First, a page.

—Tom Sturm

Jeremy Milligan

A former classical guitar student at Keene State University and Flamenco guitar student at the La Janda school in Vejer de la Frontera, Spain, guitarist and drummer Jeremy Milligan has played a diverse range of musical styles, including jazz, Motown, country, rock, big band, Latin and folk. He's been in the Rene Romero Duo, Bathtub Mary, the Phil DaRosa Band, Somebody's Closet and the Leah Randazzo Group. In Milligan's latest endeavor, the Jeremy Milligan Quintet, the multi-talented music man is attempting to create a sound that encompasses "his favorite aspects of the numerous styles of music he has been involved in." Milligan began composing music specifically for this ensemble in early 2007—Still Moving, the quintet's first release dropped mid-2008. The full-length album boasts songs with instrumentals tighter than Michael Phelps' abs and a sound that's not quite like anything you've heard before: listening to Still Moving is like eating a quiche filled with jalapenos, double chocolate ice cream, prosciutto and pomegranate (and it tastes delicious). The Jeremy Milligan Quintet also features Jana Byrdd on clarinet, Jazer Giles on accordion, Tristan Gutner on bass, a rotating cast of drummers (Sturgis Cunningham, Zak Trojano and Jon Fisher), and a host of guest musicians.

—Kendra Thurlow

Problem with Dragons

This band has the character of a spoiler-enhanced funny car, a masked Mexican wrestler or a marshmallow roasted over a desert fire with the aid of a gallon of gasoline. The sound of their fuzz bass is like uncovering a vintage MC-5 recording from a Michigan basement, dubbed over a Tijuana Brass cassette with the little plastic safety tabs punched out. In a pop-culture nod to Superman II, the band members identify themselves only as "Zod," "Ursa" and "Non," three evil super-beings from Krypton that we earthlings prayed would remain trapped in the Phantom Zone. Still, I suppose it's okay if we let them out just for gigs, and with songs like "Failures," "Deathblossum" and "Jesus Chainsaw Massacre," you might scratch your head at their MySpace listing of influences such as Falco, Pat Benatar and Lionel Richie, but then irony has always been a favorite, sneery mode of expression of desert-grunge. With this kind of flavor, I'm hoping for a cameo from the Mentors' Il Duce or the Dwarves' "He Who Cannot be Named."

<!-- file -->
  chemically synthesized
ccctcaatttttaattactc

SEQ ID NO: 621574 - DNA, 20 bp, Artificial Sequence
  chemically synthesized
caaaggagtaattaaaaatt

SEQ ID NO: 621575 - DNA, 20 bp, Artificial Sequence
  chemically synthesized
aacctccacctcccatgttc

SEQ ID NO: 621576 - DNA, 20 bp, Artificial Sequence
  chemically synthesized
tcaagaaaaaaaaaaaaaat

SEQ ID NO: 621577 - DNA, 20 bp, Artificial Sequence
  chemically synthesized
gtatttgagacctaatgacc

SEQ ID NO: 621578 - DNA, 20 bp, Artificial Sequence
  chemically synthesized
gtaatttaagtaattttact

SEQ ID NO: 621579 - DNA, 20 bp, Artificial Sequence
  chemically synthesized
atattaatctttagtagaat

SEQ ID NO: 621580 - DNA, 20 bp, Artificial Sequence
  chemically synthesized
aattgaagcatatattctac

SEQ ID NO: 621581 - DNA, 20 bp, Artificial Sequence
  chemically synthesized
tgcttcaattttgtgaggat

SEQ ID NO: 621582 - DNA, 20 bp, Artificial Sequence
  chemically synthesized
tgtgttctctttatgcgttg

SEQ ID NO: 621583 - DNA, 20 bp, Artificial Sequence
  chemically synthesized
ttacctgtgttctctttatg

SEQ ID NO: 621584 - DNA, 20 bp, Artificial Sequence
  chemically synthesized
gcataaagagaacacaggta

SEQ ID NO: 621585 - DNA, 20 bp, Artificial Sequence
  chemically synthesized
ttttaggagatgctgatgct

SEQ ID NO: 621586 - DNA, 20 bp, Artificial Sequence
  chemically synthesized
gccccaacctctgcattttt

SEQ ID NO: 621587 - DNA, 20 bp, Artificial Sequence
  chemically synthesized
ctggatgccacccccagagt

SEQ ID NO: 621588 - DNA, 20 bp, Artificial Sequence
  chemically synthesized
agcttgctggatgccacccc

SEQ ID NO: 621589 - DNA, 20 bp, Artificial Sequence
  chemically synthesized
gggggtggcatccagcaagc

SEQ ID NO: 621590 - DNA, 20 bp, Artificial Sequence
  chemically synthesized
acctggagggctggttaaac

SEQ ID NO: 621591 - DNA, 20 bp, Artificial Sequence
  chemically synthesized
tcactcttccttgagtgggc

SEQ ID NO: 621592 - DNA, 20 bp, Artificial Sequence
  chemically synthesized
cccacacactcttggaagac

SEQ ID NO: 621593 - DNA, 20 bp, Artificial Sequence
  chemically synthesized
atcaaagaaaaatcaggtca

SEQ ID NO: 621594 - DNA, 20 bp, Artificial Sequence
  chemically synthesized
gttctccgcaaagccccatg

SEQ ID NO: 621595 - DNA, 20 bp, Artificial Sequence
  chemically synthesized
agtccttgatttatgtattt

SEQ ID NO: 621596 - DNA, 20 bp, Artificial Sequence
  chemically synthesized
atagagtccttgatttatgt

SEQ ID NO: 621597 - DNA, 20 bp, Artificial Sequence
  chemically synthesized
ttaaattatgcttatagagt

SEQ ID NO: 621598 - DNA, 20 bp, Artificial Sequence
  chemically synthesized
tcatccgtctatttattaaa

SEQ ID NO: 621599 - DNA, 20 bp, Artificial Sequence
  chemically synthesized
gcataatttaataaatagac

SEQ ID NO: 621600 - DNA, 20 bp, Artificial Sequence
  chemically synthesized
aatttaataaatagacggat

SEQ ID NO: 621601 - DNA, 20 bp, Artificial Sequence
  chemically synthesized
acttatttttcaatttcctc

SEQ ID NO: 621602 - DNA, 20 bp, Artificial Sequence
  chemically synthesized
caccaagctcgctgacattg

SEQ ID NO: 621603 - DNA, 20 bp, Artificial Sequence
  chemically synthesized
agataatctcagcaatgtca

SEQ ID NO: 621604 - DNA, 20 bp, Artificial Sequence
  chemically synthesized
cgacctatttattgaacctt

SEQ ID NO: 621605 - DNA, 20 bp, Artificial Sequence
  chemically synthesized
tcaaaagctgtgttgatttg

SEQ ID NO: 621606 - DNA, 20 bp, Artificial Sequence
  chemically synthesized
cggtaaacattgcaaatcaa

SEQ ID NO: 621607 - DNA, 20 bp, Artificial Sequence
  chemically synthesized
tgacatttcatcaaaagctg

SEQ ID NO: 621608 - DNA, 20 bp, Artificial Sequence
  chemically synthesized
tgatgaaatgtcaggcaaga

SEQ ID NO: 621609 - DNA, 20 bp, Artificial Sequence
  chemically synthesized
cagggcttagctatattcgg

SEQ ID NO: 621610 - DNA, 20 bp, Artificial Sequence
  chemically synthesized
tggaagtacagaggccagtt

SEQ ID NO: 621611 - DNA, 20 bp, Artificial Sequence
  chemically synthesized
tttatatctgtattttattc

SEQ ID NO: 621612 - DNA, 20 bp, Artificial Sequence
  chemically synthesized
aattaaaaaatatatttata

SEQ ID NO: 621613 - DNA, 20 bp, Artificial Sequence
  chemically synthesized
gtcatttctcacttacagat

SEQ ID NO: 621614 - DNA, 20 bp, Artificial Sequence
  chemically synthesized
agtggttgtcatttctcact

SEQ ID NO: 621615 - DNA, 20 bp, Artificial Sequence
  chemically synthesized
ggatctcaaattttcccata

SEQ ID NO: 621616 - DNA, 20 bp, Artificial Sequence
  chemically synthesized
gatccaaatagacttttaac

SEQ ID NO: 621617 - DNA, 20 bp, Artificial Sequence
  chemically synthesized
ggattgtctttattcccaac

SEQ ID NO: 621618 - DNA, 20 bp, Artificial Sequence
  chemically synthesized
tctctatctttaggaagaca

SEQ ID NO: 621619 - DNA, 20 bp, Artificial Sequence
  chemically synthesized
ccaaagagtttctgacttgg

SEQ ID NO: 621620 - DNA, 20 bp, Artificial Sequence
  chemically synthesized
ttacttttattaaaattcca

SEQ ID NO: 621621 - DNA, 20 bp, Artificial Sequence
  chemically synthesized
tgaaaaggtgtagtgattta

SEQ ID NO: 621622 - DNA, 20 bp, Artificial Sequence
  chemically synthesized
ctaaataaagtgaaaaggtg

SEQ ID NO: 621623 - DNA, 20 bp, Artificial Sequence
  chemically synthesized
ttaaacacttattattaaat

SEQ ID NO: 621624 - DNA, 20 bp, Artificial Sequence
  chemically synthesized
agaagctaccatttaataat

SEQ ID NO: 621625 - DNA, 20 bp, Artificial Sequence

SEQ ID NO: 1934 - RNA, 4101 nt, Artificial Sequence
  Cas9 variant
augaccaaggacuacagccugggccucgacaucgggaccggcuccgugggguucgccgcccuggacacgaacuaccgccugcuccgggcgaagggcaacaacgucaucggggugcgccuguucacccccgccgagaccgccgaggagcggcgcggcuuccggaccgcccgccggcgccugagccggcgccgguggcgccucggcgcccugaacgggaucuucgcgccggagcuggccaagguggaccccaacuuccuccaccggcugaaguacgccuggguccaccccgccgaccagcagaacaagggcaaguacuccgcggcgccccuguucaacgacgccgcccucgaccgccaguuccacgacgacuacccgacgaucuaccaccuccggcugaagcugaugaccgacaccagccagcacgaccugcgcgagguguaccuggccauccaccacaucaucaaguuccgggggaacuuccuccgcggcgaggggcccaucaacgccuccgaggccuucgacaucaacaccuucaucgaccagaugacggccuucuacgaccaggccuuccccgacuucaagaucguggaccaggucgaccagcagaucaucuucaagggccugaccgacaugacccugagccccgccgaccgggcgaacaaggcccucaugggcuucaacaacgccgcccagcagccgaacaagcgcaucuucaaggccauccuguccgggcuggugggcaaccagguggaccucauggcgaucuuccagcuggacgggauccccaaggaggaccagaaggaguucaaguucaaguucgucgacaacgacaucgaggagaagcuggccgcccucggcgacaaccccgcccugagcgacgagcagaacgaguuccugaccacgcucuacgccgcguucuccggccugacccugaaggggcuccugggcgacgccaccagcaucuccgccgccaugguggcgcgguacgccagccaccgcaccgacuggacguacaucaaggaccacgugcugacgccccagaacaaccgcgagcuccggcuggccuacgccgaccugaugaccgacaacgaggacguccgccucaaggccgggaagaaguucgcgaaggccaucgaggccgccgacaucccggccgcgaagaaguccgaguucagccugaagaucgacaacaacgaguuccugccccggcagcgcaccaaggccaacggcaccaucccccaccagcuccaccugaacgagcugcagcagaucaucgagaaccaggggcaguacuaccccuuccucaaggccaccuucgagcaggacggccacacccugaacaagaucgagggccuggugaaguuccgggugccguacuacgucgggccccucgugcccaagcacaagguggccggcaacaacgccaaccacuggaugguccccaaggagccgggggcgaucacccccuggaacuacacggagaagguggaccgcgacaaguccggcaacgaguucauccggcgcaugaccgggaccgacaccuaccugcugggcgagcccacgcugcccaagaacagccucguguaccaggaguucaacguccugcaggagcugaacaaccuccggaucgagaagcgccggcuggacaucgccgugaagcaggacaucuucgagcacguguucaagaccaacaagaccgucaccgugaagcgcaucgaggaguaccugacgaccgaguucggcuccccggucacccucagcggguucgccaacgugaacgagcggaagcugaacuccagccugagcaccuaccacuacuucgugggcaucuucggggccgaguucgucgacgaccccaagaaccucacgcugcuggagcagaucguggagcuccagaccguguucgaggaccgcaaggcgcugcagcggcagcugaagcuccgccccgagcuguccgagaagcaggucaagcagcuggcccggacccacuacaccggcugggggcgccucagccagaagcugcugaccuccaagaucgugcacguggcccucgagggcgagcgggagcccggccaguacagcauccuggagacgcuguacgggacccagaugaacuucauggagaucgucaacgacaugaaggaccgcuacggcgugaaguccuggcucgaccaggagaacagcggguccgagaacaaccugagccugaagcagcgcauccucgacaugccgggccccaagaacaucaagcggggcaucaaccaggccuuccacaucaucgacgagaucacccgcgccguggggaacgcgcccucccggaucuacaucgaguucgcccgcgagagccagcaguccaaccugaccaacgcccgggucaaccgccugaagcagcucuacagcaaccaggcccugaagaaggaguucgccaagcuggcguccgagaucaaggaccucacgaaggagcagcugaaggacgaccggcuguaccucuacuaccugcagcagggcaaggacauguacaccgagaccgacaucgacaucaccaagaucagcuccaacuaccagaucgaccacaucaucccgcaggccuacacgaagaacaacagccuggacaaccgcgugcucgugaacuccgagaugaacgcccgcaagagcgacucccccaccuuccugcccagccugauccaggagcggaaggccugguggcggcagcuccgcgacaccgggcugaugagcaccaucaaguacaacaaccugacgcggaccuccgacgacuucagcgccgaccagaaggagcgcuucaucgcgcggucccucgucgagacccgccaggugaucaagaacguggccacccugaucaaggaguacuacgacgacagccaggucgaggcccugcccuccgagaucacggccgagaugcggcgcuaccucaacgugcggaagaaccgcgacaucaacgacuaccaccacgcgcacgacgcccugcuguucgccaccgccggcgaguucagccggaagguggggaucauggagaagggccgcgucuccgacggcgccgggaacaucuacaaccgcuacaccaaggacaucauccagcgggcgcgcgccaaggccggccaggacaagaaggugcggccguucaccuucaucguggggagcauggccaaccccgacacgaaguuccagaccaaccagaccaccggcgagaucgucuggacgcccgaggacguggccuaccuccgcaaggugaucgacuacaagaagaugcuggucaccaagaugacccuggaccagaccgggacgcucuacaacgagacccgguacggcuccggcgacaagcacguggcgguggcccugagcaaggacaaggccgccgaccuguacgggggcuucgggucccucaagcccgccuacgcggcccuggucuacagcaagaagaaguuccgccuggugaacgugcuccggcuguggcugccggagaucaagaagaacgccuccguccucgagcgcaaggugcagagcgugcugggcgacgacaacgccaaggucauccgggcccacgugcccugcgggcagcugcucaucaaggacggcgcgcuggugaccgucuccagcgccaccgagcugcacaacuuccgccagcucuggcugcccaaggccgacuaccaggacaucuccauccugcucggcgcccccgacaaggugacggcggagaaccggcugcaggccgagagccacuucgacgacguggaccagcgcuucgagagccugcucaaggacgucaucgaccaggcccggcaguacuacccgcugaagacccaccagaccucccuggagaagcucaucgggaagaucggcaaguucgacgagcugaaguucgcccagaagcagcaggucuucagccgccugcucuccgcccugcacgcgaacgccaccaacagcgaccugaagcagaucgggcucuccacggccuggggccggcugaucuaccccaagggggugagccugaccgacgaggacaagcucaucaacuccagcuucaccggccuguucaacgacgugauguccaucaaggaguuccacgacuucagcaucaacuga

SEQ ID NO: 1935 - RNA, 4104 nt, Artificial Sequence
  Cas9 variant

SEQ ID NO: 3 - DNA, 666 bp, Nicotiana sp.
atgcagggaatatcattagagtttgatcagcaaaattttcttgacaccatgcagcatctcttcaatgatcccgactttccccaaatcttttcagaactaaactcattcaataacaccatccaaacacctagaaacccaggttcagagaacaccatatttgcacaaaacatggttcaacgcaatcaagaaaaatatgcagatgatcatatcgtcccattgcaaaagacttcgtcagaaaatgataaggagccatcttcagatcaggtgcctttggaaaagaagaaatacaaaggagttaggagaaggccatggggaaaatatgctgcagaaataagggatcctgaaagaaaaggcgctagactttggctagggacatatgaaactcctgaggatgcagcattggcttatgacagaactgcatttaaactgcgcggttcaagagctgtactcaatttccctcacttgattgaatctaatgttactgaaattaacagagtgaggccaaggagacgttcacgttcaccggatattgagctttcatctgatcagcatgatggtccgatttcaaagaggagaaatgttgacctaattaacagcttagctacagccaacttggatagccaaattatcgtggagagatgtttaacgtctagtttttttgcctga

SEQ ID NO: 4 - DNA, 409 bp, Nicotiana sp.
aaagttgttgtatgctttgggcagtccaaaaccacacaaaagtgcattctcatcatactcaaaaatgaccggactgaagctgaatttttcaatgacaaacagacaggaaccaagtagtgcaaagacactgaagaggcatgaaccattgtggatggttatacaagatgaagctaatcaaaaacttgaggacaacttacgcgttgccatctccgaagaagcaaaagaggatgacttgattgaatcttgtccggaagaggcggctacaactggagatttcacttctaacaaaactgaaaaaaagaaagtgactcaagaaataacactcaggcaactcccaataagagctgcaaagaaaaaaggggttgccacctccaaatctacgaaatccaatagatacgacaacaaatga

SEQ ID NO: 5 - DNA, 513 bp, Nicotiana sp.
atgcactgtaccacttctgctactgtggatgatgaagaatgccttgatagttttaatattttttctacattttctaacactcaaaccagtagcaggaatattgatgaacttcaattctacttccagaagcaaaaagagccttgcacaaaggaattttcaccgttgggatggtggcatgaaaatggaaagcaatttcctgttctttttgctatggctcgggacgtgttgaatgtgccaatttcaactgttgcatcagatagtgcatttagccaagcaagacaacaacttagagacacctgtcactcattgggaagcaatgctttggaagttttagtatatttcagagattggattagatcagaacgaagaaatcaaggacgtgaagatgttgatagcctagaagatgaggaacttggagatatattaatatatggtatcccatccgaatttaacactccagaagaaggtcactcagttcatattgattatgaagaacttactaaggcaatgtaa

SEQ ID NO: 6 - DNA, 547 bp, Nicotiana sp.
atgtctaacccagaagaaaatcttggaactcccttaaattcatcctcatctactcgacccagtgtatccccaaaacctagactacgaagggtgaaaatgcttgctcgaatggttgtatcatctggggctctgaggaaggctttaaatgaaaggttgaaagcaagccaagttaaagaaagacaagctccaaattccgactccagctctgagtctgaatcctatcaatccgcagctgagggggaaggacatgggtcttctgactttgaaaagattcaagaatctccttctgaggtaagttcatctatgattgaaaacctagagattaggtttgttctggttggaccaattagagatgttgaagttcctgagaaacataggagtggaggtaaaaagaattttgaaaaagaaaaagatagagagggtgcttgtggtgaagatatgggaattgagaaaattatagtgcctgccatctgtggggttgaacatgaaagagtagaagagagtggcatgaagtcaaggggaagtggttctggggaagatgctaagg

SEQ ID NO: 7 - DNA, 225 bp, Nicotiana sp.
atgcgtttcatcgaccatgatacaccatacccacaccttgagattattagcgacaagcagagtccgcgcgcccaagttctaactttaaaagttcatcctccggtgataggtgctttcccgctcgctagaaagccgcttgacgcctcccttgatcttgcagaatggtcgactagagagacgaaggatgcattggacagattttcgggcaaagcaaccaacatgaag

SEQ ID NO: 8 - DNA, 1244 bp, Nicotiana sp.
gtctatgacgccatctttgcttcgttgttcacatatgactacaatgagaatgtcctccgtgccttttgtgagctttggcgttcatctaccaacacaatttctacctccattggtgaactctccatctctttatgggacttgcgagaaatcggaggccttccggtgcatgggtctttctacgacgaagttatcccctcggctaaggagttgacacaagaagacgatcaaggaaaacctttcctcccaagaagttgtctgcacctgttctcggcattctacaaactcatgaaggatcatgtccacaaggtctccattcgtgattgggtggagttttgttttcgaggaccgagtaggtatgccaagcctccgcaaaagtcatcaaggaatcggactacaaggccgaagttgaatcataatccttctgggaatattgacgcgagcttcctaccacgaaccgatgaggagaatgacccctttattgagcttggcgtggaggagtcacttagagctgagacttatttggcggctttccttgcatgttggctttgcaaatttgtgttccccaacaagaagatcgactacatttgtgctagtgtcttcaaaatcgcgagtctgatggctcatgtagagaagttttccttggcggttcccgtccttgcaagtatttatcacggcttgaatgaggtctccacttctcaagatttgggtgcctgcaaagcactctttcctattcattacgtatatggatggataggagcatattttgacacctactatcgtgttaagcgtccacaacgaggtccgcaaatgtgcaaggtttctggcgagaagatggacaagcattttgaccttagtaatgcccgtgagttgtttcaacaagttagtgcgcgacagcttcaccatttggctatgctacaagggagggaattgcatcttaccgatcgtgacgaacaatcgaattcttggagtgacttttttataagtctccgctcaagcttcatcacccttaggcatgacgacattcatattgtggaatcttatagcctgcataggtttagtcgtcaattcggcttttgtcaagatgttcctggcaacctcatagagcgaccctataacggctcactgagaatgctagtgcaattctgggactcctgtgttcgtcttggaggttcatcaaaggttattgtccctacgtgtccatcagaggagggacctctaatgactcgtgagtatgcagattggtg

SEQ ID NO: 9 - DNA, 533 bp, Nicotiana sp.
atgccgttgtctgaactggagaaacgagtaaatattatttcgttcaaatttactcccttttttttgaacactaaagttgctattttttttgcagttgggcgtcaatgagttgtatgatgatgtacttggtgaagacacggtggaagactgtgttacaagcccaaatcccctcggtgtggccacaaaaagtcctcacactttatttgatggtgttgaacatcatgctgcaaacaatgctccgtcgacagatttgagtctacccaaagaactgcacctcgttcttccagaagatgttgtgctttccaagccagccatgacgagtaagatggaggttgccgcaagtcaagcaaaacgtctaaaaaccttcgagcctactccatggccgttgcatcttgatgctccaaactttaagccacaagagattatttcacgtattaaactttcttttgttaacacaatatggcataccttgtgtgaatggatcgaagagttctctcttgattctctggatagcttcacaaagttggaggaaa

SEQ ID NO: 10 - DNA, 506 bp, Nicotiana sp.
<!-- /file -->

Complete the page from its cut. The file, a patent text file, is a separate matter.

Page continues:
—Tom Sturm

Party Wolf

Okay, so far I'm not rushing out to buy Party Wolf's new album; their style is fairly spontaneous, and their lyrical depth falls somewhere in the range of Arnold Scwartzenegger's after 17 vodka tonics. But this is a live band, brothers and sisters—a band that essentially gets away with singing about nothing because they rock so hard that you really don't care. They're tight, fun to watch and great at playing their instruments, and there is never a question about whether people are having a good time at their shows. They are rifftastic. They have huge, raw power that can only be mined from somewhere deep within the scrotum of a bull with six testicles. But, of course, they're more of a wolf than a bull. What the fuck. I could never keep my Cub Scout merit badges straight anyway.

—Tom Sturm

Remaining Editor's Picks: Rusty Belle, DJ Megha, The Alchemystics (winner, best reggae band), The John Bobbit Experience, The Trials and Tribulations, World's Greatest Dad (winner, best folk band), Curious Buddies, The Amity Front, The Equalites, Phil DaRosa Band, DJ Hush, DJ Studebaker Hawk.